Shares of Buckeye Technologies (NYSE:BKI) rose some 26.5% in Wednesday's trading session. The producer of cellulose-based specialty products announced that it would be taken private by Georgia-Pacific LLC in a $1.5 billion deal. Investors stand to receive a nice premium for their investment, but lose a strong value creating stock in their investment portfolio.
Buckeye Technologies announced that it has agreed to sell itself to privately-held Georgia-Pacific. Shareholders stand to receive $37.50 per share in cash, valuing the company including its debt at $1.5 billion. The proposed deal represents a 29% premium over the average stock price of Buckeye over the past week.
Buckeye's 1,200 employees will become part of Georgia-Pacific. The manufacturer of building products, packaging, cellulose and chemical products already employs some 35,000 workers across the globe.
CEO and Chairman John Crowe commented on the deal, "This transaction enables our stockholders to realize significant value, while also representing an important next step in the growth of Buckeye Technologies. We are pleased that Georgia-Pacific recognizes the significant value of our company's special and unique assets, talented employees, and research and development capabilities."
In 2012, Buckeye generated annual revenues of $894.9 million on which the company net earned $90.0 million. The $1.5 billion deal, which includes a modest net debt position of around $40 million, values the company around 1.7 times annual revenues and 16-17 times annual earnings.
The deal is subject to normal closing conditions including regulatory approval and a tender of at least 75% of Buckeye's shares outstanding.
Buckeye Technologies ended its second quarter with $58.5 million in cash and equivalents. The company operates with $99.3 million in long term debt, for a modest net debt position of almost $41 million.
Revenues for the first six months of the year came in at $401.3 million, down 11.4% on the year as the company suffered from a steam drum failure outage. Net income for the period came in at $42.4 million.
Buckeye paid its shareholders a quarterly dividend of $0.09 per share, for an annual dividend yield of 1.0%.
Some Historical Perspective
Long term holders of Buckeye will undoubtedly be happy with the offer for the company. Over the past decade, shares steadily advanced from $5 in 2003 to highs around $18 in 2007.
Shares fell to lows of $2 during the recession in 2009 but ever since have shown an impressive recovery, peaking around $37 at the start of 2012. Shares corrected to lows of $25 later that year, but the $37.5 offer values the company around its all time highs.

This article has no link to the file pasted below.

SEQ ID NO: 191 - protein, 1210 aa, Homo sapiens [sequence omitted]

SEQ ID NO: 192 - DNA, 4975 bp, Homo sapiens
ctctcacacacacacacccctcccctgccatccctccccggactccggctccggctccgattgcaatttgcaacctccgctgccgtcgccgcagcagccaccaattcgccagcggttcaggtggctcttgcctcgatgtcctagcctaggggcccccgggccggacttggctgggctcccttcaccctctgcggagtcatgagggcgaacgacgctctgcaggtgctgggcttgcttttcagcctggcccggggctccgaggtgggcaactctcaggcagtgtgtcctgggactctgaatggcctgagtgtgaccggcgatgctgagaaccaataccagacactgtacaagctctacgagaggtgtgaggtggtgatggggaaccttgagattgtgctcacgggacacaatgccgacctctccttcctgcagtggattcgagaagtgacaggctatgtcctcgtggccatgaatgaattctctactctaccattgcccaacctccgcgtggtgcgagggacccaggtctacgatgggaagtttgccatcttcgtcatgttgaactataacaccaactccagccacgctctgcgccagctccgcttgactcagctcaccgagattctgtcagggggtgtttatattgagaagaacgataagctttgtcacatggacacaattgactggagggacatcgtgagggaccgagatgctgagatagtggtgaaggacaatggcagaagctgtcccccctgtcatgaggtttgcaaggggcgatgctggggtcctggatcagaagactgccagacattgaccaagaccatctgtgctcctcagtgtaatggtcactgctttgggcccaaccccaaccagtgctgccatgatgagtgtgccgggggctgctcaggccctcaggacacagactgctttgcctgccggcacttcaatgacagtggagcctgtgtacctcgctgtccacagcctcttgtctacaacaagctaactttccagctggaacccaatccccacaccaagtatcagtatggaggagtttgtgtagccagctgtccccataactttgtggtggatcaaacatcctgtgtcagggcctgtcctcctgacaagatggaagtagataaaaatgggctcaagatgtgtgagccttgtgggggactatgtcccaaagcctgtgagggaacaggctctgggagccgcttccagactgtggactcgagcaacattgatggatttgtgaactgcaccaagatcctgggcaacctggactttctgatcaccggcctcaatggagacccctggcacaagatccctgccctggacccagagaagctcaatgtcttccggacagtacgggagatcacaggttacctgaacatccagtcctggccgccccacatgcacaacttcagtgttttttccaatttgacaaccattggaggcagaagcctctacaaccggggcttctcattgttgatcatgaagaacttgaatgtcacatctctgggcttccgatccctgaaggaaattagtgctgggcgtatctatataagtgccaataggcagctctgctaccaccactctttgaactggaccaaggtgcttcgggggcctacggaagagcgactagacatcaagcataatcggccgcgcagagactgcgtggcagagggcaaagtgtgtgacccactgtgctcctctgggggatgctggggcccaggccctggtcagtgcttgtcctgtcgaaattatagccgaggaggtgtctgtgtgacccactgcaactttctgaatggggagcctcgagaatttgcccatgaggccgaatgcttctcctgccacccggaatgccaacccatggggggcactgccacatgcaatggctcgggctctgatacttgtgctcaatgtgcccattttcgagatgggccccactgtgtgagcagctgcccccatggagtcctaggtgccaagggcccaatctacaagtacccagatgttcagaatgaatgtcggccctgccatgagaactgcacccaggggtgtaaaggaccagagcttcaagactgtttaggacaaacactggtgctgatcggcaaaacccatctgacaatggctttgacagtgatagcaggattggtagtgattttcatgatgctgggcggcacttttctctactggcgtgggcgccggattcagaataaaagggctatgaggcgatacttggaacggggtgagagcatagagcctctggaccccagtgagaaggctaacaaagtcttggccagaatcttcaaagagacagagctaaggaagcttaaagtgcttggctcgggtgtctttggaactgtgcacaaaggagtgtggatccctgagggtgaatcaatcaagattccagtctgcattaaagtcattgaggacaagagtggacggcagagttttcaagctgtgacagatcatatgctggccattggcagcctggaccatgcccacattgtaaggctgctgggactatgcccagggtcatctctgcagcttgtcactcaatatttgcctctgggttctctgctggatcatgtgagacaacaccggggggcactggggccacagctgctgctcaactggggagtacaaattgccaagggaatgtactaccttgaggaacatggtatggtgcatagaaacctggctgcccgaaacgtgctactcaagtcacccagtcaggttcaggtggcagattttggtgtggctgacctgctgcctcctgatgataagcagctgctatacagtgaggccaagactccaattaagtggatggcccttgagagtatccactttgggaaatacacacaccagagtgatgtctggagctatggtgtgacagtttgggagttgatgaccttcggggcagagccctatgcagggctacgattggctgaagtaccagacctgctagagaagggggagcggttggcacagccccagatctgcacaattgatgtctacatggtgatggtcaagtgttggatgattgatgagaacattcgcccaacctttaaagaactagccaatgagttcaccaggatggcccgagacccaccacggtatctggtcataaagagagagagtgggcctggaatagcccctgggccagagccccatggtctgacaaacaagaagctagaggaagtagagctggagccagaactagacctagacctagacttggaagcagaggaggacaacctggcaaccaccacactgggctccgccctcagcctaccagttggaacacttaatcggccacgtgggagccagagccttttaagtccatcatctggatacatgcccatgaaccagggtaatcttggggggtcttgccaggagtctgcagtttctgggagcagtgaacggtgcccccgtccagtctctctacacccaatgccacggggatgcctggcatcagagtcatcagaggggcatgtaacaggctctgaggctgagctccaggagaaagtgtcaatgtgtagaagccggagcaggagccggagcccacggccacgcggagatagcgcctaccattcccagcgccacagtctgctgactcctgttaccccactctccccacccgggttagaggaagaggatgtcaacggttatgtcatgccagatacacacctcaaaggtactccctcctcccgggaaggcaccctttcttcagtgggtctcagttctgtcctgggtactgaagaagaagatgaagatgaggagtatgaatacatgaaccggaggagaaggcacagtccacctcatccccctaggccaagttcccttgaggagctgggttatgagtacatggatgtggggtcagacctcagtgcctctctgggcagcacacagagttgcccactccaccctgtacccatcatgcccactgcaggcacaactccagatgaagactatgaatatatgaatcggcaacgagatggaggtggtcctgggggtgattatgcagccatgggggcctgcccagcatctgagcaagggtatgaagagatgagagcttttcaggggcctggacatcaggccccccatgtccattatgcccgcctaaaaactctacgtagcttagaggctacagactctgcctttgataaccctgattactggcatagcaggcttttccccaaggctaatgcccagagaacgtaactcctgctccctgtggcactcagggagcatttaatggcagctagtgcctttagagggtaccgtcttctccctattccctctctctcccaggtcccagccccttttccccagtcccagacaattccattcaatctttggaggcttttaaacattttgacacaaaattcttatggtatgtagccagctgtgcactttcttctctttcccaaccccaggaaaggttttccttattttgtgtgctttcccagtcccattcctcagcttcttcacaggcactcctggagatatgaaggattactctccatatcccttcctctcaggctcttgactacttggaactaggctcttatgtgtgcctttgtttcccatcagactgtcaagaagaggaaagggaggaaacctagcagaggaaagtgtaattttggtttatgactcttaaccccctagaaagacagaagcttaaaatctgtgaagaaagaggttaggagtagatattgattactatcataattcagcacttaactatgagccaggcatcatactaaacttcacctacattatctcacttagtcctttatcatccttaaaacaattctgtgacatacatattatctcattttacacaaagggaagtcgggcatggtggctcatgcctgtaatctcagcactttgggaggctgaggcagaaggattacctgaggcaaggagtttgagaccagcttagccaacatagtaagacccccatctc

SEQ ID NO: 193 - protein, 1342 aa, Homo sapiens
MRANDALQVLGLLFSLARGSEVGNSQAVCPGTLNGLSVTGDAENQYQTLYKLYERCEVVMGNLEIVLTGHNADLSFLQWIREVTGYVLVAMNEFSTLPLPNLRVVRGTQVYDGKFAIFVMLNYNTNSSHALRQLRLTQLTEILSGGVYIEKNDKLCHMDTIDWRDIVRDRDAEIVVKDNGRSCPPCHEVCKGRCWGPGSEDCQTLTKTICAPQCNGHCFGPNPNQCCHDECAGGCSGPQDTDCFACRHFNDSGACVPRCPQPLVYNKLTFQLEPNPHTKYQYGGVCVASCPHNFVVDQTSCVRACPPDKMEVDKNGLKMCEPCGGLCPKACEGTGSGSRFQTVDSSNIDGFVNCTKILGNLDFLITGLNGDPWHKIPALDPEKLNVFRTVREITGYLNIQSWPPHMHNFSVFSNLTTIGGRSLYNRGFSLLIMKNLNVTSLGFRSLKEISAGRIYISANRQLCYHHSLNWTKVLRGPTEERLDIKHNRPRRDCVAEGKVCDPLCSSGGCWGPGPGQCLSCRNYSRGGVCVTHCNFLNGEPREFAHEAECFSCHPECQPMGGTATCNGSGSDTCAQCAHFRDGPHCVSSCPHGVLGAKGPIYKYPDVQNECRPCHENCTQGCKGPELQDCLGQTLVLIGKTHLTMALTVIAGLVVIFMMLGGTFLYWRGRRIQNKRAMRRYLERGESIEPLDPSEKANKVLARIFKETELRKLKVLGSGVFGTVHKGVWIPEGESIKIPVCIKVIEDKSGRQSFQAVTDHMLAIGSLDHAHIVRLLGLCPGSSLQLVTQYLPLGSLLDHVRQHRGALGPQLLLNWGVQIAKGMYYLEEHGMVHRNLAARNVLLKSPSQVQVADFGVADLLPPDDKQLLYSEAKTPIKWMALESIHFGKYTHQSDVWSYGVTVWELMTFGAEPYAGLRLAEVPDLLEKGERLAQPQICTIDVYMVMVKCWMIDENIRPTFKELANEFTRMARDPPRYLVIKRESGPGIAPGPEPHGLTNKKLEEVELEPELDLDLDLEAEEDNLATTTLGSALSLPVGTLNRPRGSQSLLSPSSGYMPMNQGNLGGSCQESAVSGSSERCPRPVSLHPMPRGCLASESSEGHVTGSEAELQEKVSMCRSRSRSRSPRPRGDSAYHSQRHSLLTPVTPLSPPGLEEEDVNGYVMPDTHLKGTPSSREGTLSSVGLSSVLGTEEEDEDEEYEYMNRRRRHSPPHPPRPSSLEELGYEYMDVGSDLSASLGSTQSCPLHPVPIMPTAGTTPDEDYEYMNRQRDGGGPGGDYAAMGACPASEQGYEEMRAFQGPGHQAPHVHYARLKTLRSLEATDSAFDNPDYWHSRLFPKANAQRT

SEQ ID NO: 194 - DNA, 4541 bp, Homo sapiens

Between 2009 and 2012, Buckeye Technologies has expanded its annual revenues by a cumulative 20% to $895 million. The company's profitability recovered from a disastrous 2009, as Buckeye reported stable profits over the past few years.
For Georgia-Pacific, which has been acquired by the Koch family which controls Koch Industries for $21 billion in 2005, it has been the second deal in a short time. In December last year, Georgia-Pacific announced the acquisition of the building products business from International Paper in a $750 million deal. With the acquisition of Buckeye, Georgia-Pacific is expanding its manufacturing base in the US and Germany in the market for wood and cotton nonwoven materials.
With a 26% premium being offered for Buckeye's shares, which happen to trade at fresh all time highs, there are few reasons for selling shareholders to complain.
Yet long term holders could be disappointed to some degree. Buckeye's investors will no longer own part of a strong value-creating company. In fact, they stand to receive a bag of cash and a decent premium for their holdings in return, leaving them wondering were to invest their proceeds into. While the premium is fair, the timing of Georgia-Pacific is even better after the significant pullback in Buckeye's shares over the past year.
While Buckeye has specialized operations and has a long term history of creating shareholder value, as the competitive barriers to replicate its success are high, shareholders should be happy with the offer and take it.